About paranoidmike

A Product Manager sharing experiences on & of the job.

Review: Runaways Vol 1: Pride and Joy by Brian K. Vaughan and Adrian Alphona

Runaways, Vol. 1: Pride and Joy (Runaways, #1)Runaways, Vol. 1: Pride and Joy by Brian K. Vaughan

My rating: 4 of 5 stars

I read this book years ago – probably when it was still an active series in its early, obsessive days of new wild-eyed fans who couldn’t believe comics could be this good.

At the time I thought it was a little juvenile for my tastes – who would I be kidding, a grown man reading a comic about a group of teenagers? So I think I put it away and tried to forget how skeezy I felt, and returned to stuff that was a little more age-appropriate (or at least didn’t make me think of how many perverts drooled over the teenaged girls in this book). Weird thoughts, but almost certainly among those in my head at the time (along with “Why did I move to this rain-infested town?” and “When will Americans finally figure out how to write an unambiguous date?”).
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Revival volume 2 by Seeley and Norton

Revival, Vol. 2: Live Like You Mean ItRevival, Vol. 2: Live Like You Mean It by Tim Seeley

My rating: 2 of 5 stars

The more I read of this series, the more I struggle to keep the intrigues and characters’ relationships (hell, even just the characters) straight. It doesn’t get easier – it’s just more disconnected vague allusions to a bunch of small-town politics and melodramas, and I’m realizing that the base premise of this series is just a false promise.

I don’t think Seeley and Norton are doing a horror book or a supernatural thing – I think they’re just stringing up a set of zombie lights to illuminate the ongoing tales of a bunch of people with varying shades of grey cast on their souls, meandering through their varying weirdnesses and minor misadventures. Being weird and unpredictable because they can, or because it’s “dramatic”.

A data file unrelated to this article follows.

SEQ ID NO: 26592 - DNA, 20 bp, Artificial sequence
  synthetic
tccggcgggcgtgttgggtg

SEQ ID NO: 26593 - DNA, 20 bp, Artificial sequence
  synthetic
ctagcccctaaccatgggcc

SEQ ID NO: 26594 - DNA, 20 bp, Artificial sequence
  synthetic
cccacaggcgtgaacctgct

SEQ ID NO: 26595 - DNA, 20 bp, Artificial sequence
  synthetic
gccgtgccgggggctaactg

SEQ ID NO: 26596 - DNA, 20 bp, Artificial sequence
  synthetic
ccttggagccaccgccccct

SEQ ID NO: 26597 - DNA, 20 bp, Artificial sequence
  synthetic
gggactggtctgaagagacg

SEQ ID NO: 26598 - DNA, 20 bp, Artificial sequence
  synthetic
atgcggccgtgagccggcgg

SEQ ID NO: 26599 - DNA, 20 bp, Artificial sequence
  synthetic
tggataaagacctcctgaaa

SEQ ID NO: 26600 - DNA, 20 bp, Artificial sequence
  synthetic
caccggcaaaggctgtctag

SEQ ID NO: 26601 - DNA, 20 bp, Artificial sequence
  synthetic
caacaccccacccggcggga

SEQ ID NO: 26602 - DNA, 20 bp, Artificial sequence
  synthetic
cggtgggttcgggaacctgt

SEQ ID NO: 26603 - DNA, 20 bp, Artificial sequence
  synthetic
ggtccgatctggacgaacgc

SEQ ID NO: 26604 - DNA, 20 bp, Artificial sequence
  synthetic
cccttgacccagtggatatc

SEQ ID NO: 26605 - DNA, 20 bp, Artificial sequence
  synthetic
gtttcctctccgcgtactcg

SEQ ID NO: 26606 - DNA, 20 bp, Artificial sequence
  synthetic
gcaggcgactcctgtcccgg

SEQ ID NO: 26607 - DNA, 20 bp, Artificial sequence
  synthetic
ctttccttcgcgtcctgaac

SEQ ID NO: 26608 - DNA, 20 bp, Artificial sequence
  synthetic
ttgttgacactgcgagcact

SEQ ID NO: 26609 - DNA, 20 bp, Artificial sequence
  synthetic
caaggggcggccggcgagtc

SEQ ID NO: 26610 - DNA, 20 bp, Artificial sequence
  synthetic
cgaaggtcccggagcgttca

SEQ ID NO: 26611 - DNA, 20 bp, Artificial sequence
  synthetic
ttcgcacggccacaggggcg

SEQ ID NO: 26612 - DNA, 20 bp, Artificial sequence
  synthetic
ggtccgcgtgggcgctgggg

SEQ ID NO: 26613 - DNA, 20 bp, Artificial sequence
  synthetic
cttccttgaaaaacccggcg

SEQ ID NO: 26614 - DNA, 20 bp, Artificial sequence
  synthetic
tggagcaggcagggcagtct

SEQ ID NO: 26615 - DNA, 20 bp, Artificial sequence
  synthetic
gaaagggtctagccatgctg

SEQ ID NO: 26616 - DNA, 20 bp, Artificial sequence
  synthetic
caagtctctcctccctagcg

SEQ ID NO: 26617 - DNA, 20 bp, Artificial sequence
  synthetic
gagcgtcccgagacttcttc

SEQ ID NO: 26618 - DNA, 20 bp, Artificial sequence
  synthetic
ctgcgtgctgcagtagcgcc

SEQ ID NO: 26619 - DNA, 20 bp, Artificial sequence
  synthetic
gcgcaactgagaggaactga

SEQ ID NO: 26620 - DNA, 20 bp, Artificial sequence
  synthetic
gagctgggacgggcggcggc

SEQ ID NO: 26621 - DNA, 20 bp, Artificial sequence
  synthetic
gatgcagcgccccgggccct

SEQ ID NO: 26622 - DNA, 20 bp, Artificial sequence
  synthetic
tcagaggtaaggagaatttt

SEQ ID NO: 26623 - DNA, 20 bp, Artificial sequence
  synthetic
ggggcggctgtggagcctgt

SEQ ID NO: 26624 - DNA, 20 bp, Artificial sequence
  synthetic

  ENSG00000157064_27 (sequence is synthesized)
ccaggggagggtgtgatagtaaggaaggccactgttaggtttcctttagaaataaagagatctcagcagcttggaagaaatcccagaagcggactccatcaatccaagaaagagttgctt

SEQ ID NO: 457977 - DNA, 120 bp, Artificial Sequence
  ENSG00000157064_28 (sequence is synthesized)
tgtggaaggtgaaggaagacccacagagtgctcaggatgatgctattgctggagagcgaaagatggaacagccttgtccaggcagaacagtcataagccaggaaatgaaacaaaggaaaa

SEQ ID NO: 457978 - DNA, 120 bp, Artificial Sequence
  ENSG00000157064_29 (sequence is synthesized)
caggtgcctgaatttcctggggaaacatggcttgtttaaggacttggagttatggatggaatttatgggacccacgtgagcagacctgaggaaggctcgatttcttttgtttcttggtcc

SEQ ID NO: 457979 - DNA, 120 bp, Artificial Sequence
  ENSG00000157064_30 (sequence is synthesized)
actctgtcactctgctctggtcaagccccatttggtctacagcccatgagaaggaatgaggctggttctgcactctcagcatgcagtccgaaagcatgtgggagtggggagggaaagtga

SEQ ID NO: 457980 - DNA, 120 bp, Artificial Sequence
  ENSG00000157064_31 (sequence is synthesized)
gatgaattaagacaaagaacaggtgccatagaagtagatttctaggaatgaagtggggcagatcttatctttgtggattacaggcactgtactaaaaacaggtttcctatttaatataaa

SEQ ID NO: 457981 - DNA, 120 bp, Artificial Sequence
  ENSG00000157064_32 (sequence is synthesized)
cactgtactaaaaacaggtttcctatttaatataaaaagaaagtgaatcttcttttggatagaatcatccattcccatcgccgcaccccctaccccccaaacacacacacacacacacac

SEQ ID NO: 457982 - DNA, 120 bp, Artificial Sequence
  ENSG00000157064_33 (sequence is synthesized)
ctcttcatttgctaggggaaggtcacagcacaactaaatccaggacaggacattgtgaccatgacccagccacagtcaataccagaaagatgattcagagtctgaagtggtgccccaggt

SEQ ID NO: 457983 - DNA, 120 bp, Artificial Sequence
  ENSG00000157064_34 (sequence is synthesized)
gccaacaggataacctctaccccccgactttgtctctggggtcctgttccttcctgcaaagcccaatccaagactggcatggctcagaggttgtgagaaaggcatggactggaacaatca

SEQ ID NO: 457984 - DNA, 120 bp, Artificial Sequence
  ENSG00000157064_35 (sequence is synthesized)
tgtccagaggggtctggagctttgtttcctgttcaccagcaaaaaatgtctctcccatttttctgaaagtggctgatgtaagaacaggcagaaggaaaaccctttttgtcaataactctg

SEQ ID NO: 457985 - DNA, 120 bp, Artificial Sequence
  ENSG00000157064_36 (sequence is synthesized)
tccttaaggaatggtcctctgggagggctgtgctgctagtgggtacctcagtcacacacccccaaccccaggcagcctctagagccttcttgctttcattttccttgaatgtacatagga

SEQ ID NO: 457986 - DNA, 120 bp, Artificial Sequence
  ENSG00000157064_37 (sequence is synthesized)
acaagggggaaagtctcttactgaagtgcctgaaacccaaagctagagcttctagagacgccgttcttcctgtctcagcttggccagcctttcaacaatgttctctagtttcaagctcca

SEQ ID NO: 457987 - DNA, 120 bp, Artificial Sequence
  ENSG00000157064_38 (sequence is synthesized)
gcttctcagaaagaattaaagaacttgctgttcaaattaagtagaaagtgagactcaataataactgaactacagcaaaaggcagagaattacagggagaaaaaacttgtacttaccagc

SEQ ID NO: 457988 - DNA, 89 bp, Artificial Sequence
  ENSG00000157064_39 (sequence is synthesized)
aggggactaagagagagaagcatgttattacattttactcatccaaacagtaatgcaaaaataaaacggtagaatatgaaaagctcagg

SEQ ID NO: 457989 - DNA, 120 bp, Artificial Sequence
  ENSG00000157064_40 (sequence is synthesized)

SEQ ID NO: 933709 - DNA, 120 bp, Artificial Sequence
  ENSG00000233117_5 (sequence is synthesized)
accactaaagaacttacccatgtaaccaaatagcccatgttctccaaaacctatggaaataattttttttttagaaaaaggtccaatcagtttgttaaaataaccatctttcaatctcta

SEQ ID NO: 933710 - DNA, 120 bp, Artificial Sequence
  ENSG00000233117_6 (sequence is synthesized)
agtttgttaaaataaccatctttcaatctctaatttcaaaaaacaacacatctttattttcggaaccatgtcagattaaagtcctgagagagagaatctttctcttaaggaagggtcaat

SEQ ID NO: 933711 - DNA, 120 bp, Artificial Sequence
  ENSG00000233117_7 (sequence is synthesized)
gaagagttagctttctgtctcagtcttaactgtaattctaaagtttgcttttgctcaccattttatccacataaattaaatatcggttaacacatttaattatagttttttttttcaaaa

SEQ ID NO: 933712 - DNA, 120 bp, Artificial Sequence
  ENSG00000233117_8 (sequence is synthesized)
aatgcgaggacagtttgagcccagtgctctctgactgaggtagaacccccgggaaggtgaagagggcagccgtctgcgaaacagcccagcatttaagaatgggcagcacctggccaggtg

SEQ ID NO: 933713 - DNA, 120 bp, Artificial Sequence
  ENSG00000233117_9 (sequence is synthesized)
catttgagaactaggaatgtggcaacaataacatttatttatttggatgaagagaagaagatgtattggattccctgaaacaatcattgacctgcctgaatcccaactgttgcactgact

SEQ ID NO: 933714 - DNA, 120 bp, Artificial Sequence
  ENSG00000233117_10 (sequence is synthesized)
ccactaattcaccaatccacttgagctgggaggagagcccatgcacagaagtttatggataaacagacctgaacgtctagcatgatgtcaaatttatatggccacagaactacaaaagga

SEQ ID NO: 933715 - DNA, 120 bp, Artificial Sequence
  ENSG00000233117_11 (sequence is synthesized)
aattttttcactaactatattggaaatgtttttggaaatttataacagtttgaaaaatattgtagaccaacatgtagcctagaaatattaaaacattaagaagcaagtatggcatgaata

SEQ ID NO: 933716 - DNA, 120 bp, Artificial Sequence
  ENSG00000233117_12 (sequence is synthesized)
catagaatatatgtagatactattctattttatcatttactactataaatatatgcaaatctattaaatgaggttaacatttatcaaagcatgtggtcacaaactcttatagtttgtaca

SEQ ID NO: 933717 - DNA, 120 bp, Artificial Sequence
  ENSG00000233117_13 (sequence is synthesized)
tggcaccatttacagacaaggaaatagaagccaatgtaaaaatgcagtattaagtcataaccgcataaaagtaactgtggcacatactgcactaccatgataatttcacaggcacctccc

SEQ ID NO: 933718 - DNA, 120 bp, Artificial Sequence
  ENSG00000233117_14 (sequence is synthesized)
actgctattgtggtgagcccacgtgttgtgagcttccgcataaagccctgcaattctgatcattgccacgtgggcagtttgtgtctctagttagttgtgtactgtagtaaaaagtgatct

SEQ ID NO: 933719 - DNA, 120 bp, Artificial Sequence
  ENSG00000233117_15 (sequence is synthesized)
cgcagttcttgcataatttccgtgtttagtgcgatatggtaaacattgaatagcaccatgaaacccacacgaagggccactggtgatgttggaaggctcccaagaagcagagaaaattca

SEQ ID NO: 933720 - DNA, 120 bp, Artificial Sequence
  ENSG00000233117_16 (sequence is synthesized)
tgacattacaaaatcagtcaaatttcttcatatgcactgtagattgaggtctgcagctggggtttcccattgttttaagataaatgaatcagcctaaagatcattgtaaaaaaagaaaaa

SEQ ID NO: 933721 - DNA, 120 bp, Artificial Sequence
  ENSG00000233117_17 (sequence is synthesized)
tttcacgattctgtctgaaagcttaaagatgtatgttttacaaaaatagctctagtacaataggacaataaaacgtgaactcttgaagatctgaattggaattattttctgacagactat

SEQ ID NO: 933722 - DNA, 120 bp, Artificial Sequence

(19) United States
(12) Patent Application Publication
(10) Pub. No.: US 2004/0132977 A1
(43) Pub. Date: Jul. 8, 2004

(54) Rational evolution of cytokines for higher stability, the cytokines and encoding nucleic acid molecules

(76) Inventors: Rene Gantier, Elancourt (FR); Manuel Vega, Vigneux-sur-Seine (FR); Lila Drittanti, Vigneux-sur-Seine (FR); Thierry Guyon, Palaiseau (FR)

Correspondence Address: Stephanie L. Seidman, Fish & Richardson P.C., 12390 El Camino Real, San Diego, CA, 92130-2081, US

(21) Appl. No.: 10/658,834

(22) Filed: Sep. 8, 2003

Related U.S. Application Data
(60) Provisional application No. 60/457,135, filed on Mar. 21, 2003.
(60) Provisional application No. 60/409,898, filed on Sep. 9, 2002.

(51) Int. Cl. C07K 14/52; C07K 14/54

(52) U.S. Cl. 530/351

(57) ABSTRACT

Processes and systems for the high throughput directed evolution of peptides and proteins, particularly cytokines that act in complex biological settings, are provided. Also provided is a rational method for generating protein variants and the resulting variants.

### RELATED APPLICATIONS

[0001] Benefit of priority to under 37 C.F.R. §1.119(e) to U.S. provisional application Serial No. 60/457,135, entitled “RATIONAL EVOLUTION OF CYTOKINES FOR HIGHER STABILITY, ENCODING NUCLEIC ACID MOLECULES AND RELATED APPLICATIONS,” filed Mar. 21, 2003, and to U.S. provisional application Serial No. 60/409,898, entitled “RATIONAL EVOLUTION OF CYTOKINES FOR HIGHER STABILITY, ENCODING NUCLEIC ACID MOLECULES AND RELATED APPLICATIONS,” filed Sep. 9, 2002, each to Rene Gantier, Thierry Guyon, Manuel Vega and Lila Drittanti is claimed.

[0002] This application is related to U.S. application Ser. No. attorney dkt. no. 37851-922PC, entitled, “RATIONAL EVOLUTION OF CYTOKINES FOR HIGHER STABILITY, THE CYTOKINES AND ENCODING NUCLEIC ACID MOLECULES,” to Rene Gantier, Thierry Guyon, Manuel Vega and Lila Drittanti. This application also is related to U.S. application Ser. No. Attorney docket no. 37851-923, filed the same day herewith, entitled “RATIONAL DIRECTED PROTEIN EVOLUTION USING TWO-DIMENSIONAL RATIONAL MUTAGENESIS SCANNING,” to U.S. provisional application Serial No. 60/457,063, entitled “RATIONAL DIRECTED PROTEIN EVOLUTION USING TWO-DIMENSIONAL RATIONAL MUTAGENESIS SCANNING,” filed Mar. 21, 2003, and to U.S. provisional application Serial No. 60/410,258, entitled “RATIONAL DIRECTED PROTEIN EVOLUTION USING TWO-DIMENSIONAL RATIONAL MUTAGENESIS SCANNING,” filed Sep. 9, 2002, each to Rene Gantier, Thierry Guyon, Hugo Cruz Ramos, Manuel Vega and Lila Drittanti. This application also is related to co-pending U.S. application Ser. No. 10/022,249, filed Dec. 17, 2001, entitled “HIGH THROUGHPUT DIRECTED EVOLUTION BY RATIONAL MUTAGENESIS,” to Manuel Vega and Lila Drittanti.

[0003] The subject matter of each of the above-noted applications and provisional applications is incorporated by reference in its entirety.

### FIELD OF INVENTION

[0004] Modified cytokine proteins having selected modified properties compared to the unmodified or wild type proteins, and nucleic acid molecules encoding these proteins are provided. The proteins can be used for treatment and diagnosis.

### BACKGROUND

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Review: Letter 44 Volume 1 by Charles Soule, Alberto Alburquerque

Letter 44 Volume 1: Escape VelocityLetter 44 Volume 1: Escape Velocity by Charles Soule

My rating: 5 of 5 stars

Short review: great book. Don’t let this linger on your shelf like I did, you’ll regret it.

The longer this story unfolds, the more tense and dramatic it becomes. I’m finding myself genuinely surprised at this – I’ve read a couple of other Soule joints and this level of control, of depth of research, wasn’t hinted at in his previous works. While interesting stories, the only surprises I felt during Strongman were at his adherence to old school Latin self-sacrificing hero dialogue. Whereas here I was surprised by the intrigues, the unexpected plot developments, and the layers to the characters.

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Review: The Wrenchies by Farel Dalrymple

The WrenchiesThe Wrenchies by Farel Dalrymple

My rating: 2 of 5 stars

Magical? Mind-expanding? Evocative. All that just from chapter one.

Or maybe it’s just distracted. Tangential. Unfocused.

I keep hearing Keith’s review (https://www.goodreads.com/review/show…) in my head, and it keeps haunting me with the promise of some mind-bending insanity. But the more I read, the faster I skim, as I get more and more impatient for something to surprise and delight (or at least unsettle) me.

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Review: White Death by Robbie Morrison and Charlie Adlard

White Death HcWhite Death Hc by Robbie Morrison

My rating: 2 of 5 stars